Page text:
Researchers supported by the Neiman Health Policy Institute (NPHI) find that higher numbers of paid malpractice claims are associated with a subsequent increase in advanced imaging utilization. The Journal of American College of Radiology study examined the quantity and cost of malpractice claims and Medicare imaging utilization at the state and national level. The authors found that each additional paid malpractice claim over the course of five years was associated with an average of 1,389 additional advanced imaging examinations — in the Medicare population alone — in the subsequent year. Advanced imaging was defined as MRI, CT, ultrasound, and nuclear medicine imaging such as PET. Each 1% increase in average paid malpractice claims was associated with a subsequent 0.20% increase in advanced Medicare imaging use.
“Our study suggest that physicians’ advanced imaging ordering behavior is susceptible to an ongoing climate of regional malpractice litigation. Supporting the notion that physicians living in high-risk malpractice liability regions are more susceptible to employing defensive medicine practices,” stated first author Alexander Villalobos, MD, radiology resident at Emory University School of Medicine.
Since most malpractice cases take place in state courts, Dr. Villalobos and colleagues focused on state-to-state variation in both Medicare imaging usage and paid malpractice claims. The researchers used the National Practitioner Data Bank (NPDB) to identify malpractice claims over the 13-year study. The authors reported that, after controlling for secular trends, Medicare advanced imaging utilization was positively associated with prior multiyear averages of the number of per capita paid malpractice claims.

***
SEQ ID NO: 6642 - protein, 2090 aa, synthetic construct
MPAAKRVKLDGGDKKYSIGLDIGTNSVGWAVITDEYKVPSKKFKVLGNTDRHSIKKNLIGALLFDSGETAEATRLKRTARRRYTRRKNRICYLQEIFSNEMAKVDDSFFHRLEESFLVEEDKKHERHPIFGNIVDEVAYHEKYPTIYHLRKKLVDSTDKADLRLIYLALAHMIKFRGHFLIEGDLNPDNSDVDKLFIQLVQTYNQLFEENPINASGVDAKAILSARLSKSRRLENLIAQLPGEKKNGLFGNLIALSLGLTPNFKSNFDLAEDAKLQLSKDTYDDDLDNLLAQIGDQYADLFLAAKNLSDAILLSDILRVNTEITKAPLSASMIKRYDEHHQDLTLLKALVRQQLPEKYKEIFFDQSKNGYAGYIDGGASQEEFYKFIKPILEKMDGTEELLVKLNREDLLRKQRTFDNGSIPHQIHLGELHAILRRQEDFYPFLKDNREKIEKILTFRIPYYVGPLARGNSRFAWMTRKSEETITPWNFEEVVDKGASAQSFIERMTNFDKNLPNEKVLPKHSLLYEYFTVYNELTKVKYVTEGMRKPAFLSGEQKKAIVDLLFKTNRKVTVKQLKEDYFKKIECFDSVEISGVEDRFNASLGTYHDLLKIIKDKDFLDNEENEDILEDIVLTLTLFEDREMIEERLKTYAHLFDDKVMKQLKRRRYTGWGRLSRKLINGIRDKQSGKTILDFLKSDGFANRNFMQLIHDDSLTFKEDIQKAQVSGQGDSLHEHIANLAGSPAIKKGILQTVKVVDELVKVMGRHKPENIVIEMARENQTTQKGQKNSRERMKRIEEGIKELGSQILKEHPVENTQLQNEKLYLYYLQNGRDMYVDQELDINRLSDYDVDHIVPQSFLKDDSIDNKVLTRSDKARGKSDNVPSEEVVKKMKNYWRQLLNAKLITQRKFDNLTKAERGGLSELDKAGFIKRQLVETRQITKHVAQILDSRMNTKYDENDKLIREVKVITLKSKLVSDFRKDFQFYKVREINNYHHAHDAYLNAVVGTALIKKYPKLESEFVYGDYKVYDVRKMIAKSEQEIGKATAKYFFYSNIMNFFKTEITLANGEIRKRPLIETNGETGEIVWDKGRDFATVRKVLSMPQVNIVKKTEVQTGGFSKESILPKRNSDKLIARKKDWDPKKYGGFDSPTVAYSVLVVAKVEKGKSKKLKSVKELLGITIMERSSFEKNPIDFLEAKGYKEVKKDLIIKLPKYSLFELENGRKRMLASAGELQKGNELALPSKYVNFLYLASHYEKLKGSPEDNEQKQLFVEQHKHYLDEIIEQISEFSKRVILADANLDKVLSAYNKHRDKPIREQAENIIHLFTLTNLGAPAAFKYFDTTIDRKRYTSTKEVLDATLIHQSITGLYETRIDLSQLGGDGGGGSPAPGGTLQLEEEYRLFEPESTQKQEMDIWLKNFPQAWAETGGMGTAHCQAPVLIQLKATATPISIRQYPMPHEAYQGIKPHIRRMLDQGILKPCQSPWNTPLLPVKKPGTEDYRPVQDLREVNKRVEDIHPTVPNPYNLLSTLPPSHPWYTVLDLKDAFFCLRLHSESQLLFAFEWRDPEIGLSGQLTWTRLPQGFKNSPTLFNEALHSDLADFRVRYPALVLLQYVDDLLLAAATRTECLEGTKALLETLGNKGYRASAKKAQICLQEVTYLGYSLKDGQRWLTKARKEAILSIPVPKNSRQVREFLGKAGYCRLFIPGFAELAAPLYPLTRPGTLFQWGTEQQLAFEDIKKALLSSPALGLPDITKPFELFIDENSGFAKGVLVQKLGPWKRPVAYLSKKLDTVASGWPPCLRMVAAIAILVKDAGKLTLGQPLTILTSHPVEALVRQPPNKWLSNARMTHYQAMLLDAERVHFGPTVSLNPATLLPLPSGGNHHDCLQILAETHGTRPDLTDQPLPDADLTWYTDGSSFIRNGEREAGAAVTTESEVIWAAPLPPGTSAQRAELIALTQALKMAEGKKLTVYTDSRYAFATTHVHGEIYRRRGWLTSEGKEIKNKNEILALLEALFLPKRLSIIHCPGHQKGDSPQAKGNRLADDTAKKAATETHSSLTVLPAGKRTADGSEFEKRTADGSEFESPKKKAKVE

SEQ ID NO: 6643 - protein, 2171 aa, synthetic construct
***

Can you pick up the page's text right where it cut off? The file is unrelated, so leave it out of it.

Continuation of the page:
The Neiman Institute team found advanced imaging utilization correlates to higher numbers of paid malpractice lawsuits versus the actual dollar amount paid, a consistent finding in studies in other specialty groups. While both the quantity and cost of malpractice claims and Medicare diagnostic imaging utilization have declined nationally, the cost for these two entities remains substantial (over one million dollars for every 100,000 people in the US in the final study year). Villalobos stated, “Policymakers seeking to curb unnecessary healthcare spending should carefully consider the direct and indirect impact of malpractice litigation on physician medical practice behaviors.”
Physicians Practicing in Areas with High Malpractice Claims Order More Advanced Imaging. Appl Radiol.